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The unethical behaviours of community secondary school students living in street-rented houses in Tanzania

Bashiru Shabani Mtopa
Shukrani Mbirigenda


This cross-sectional design study sought to investigate the unethical behaviours of community-based secondary schools students living in street-rented houses in Nanyumbu District, Mtwara region, in Tanzania. The study used a simple random sampling method to get a total sample size of 107 respondents from Mikangaula and Mangaka secondary schools. Primary data were gathered through key informant interviews, questionnaires and focus group discussions; and were analysed through the lenses of the virtue ethics theory. The finding revealed that street house-renting exposed students to a lack of parental upbringing and guidance, excessive and uncontrolled freedom, influence of peer groups, and unhealthy domestic activities. Students living in street-rented houses had several unethical behaviours, such as dropping out, truancy, engaging in sexual activities, alcohol consumption, arriving late at school, smoking marijuana and cigarettes, drug abuse, and having early pregnancies and/or marriages. The study, therefore, recommends that the President’s Office, Regional Administration and Local Government (PO-RALG) should build school hostels in community secondary schools. In addition, the administrations of community schools should effectively implement rules and regulations in community secondary schools. Lastly, students who misbehave should be punished to shape them in developing good behaviours in the society, in line with the virtue ethics theory.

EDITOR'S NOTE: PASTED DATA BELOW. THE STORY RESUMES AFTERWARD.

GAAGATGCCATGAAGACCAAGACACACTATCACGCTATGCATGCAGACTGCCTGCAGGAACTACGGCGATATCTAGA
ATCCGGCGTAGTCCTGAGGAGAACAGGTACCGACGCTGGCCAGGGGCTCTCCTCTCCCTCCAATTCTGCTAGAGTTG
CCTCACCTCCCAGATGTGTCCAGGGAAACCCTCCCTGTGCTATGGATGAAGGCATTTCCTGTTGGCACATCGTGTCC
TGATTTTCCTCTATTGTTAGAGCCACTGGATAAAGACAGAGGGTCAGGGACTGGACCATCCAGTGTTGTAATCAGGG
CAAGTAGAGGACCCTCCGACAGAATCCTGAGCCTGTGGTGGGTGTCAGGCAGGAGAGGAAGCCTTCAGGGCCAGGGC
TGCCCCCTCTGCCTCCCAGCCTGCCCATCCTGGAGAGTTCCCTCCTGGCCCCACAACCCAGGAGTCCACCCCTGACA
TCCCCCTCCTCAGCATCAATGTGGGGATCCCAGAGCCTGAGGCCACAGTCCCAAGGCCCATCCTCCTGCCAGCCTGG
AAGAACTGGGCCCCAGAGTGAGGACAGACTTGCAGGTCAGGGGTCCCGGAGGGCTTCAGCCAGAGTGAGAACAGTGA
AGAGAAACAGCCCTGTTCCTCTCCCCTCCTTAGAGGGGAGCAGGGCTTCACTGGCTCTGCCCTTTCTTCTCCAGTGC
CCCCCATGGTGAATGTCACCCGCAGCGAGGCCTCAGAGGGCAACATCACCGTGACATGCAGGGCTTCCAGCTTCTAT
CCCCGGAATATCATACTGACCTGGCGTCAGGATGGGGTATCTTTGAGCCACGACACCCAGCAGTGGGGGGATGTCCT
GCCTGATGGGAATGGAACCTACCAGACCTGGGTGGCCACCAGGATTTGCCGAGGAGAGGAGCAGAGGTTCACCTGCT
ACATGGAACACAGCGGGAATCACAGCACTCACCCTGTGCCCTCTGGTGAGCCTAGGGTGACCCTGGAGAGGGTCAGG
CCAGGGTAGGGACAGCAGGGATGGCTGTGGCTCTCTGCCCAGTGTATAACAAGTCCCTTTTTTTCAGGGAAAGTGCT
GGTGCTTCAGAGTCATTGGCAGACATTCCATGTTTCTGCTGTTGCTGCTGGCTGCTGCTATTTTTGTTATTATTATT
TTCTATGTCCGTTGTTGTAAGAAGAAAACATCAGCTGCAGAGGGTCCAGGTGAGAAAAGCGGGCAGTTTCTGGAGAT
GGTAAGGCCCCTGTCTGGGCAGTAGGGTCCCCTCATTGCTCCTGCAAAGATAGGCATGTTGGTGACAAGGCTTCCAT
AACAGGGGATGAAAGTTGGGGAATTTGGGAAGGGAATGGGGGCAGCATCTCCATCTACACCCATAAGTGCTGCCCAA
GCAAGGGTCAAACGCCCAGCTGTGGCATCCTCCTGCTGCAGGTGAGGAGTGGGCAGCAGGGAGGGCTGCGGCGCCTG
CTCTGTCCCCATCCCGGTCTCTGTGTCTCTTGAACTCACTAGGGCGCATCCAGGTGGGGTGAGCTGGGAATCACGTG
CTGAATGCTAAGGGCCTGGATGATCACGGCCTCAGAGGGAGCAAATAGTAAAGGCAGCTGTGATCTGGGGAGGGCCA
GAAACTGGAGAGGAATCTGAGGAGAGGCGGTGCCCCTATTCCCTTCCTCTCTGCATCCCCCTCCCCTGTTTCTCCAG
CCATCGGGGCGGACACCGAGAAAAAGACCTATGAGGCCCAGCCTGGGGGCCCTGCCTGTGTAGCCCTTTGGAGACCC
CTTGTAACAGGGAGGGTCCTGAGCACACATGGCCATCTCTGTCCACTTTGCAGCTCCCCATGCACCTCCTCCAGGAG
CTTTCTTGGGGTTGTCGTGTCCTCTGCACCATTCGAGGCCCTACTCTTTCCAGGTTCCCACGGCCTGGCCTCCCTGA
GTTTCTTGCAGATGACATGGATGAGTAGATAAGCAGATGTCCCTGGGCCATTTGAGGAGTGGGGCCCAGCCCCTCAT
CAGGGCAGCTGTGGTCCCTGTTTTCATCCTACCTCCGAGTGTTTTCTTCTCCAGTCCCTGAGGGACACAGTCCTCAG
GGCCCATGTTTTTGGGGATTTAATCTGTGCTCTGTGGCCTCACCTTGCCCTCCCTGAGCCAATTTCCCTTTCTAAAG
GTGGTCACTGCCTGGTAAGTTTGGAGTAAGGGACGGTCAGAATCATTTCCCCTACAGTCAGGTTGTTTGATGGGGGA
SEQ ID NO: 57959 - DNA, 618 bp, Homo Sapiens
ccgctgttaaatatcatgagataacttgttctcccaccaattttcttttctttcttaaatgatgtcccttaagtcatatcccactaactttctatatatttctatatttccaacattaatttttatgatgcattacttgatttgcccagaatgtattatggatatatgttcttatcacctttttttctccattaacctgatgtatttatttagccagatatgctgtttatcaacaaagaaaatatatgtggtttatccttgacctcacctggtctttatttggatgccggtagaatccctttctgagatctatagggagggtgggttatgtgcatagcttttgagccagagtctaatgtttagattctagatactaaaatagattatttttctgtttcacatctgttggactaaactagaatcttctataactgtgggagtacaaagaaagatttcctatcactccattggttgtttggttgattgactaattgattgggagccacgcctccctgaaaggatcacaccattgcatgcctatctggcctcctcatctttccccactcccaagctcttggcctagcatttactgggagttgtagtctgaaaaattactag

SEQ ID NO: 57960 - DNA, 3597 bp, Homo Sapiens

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eISSN: 2591-6831
print ISSN: 0856-9622